The year 1543 marked the publication of Copernicus’s De revolutionibus orbium coelestium (Concerning the Revolutions of Heavenly Bodies). Born in Poland of German extraction, Nicolaus Copernicus (1473-1543) studied law and medicine at Padua and other Italian universities and spent thirty years as canon of a cathedral near Danzig.
His work in mathematics and astronomy led him to attack the hypothesis of the geocentric (earth- centered) universe. In its place he advanced the revolutionary new hypothesis of the heliocentric (sun-centered) universe.
The concept of the geocentric universe included an elaborate system of spheres. Around the stationary earth there revolved some eighty spheres, each, as it were, a separate sky containing some of the heavenly bodies, each moving on an invisible circular path, each transparent so that mortals could see the spheres beyond it. This picture of the universe had already come under attack before Copernicus, for observers could not make it tally with the actual behavior of heavenly bodies. Copernicus used these earlier criticisms and his own computations to arrive at the heliocentric concept.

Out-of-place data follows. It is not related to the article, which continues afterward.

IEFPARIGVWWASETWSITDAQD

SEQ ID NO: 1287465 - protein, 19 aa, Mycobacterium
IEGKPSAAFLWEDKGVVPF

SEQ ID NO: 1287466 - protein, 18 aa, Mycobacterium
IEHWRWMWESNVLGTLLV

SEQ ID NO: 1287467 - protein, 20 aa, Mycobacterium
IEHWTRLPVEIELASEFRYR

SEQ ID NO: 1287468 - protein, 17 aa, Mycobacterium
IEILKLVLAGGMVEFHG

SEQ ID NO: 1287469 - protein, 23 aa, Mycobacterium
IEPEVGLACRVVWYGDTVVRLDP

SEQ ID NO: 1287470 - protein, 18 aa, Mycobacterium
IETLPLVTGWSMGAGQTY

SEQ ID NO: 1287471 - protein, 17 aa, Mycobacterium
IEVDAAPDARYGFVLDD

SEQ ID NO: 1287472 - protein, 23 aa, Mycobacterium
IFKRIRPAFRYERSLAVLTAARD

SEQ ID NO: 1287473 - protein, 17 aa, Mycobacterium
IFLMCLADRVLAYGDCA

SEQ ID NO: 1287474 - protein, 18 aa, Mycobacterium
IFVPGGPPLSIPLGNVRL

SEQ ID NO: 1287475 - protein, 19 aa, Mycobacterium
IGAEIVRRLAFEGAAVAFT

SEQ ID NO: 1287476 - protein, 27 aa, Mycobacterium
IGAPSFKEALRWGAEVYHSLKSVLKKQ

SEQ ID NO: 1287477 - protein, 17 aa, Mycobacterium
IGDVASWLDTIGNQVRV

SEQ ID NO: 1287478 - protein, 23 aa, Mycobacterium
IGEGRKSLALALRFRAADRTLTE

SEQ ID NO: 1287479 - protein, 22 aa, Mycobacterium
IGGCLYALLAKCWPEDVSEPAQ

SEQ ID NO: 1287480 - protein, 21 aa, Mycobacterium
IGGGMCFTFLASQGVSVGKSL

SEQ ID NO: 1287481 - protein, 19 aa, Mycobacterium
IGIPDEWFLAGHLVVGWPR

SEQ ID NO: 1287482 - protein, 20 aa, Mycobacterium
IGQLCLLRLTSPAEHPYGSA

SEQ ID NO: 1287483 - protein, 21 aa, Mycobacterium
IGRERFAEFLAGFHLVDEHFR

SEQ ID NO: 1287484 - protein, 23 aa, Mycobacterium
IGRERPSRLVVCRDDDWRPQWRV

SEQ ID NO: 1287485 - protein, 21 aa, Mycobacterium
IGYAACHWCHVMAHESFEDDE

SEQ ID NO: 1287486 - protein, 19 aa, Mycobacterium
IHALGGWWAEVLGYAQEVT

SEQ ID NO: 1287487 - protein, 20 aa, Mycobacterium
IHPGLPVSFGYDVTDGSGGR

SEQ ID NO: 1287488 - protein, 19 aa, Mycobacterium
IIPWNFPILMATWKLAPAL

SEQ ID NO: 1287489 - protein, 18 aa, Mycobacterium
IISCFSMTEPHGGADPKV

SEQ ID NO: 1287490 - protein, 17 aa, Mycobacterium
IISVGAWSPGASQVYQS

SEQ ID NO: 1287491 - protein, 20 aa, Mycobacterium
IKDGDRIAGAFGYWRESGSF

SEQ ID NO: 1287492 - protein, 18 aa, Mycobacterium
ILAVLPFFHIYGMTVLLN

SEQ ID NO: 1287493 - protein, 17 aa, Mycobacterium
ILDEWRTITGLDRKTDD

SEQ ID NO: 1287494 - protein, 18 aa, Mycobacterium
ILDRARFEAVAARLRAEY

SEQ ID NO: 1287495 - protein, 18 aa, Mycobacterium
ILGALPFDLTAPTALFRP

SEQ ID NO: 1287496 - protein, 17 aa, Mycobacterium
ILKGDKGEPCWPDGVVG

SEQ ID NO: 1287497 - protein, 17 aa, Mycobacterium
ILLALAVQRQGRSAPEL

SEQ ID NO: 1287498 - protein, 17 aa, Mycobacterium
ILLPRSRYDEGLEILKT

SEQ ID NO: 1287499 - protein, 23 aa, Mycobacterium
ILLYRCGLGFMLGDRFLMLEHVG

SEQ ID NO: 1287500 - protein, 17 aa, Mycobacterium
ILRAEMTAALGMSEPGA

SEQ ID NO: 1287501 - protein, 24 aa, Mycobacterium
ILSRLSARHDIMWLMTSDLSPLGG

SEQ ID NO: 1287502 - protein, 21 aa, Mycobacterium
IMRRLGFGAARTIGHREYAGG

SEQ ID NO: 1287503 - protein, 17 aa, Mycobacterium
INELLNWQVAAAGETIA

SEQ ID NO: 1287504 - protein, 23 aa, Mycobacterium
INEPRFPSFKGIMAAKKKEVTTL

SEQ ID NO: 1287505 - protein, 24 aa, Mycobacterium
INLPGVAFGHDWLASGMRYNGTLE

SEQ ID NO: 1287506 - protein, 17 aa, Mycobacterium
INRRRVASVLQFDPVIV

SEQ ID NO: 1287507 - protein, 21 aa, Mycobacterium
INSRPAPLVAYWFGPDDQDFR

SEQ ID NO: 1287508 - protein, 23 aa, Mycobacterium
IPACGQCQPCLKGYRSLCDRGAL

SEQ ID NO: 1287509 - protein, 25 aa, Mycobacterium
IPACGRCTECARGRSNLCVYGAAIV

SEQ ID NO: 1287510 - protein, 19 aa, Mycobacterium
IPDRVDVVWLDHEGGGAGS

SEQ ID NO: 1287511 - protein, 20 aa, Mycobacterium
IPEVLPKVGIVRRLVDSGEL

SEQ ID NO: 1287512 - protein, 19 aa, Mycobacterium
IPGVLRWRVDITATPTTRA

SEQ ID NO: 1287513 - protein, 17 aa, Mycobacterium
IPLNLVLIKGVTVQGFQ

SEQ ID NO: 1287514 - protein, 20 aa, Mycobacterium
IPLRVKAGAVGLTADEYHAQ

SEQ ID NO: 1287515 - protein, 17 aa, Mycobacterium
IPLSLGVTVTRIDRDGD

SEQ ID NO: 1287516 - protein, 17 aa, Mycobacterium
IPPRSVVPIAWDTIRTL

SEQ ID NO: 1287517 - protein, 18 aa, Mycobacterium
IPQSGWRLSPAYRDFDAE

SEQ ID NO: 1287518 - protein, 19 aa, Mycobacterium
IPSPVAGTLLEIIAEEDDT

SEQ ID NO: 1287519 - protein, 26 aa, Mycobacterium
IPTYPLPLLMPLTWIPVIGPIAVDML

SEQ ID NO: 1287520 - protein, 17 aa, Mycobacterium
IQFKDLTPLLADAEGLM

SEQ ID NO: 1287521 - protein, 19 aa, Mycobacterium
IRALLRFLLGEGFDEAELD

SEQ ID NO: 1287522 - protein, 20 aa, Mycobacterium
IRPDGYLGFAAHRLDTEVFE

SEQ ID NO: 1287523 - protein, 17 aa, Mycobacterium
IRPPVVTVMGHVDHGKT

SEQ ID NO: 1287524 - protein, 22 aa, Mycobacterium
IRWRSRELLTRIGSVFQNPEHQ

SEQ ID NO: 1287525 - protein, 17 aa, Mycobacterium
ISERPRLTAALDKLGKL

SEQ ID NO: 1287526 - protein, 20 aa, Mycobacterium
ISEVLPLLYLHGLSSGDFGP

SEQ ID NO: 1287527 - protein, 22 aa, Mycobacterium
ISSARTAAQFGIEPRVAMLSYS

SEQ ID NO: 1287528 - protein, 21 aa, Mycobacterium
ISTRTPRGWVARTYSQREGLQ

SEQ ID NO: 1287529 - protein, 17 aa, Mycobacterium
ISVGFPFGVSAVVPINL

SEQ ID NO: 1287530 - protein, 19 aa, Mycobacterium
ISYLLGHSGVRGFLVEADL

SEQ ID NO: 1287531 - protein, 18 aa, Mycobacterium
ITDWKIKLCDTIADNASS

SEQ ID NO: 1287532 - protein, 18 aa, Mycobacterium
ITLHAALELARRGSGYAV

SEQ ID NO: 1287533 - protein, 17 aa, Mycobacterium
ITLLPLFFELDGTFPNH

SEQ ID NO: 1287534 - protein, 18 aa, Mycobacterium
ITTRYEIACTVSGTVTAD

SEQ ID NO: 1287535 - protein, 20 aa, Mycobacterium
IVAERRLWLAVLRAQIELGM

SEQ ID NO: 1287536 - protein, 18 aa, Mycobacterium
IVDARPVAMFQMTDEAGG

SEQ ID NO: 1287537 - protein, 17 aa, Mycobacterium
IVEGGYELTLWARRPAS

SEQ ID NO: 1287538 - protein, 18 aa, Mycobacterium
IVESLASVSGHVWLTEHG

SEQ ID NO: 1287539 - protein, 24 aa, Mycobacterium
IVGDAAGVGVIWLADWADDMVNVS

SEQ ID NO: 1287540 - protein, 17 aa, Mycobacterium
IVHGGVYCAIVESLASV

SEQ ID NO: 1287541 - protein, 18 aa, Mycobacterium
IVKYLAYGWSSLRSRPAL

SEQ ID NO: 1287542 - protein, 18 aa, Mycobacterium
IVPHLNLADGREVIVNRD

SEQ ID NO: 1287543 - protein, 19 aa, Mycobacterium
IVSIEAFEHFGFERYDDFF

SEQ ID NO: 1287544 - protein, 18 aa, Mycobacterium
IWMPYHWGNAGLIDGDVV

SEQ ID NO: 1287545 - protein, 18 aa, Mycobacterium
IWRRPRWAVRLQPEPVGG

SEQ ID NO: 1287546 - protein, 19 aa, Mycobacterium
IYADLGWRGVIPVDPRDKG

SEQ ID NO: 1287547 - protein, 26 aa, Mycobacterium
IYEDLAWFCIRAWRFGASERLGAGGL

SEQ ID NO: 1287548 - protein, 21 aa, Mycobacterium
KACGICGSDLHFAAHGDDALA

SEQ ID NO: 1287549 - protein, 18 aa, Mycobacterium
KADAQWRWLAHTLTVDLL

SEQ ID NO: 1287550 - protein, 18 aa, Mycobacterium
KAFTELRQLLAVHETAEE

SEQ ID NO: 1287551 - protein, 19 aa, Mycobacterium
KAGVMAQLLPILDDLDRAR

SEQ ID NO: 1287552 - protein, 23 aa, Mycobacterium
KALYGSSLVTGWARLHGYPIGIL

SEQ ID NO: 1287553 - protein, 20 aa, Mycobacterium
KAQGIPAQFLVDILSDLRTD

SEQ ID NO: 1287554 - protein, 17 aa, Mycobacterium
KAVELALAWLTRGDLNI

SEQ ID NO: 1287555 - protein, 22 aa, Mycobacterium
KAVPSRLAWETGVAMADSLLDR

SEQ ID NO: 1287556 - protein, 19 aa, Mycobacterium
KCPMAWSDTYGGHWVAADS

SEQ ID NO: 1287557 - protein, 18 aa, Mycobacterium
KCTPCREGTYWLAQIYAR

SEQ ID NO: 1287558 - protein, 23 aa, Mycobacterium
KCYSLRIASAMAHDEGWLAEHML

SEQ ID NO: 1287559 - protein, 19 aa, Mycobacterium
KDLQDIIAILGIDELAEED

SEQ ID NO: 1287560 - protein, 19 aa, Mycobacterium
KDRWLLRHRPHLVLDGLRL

The Copernican hypothesis had radical implications. It destroyed the idea of the earth’s uniqueness by suggesting that it acted like other heavenly bodies. Nevertheless, once Copernicus had reversed the roles of the sun and the earth, the heavens were still filled with spheres revolving along invisible orbits, only now they moved about a stationary sun.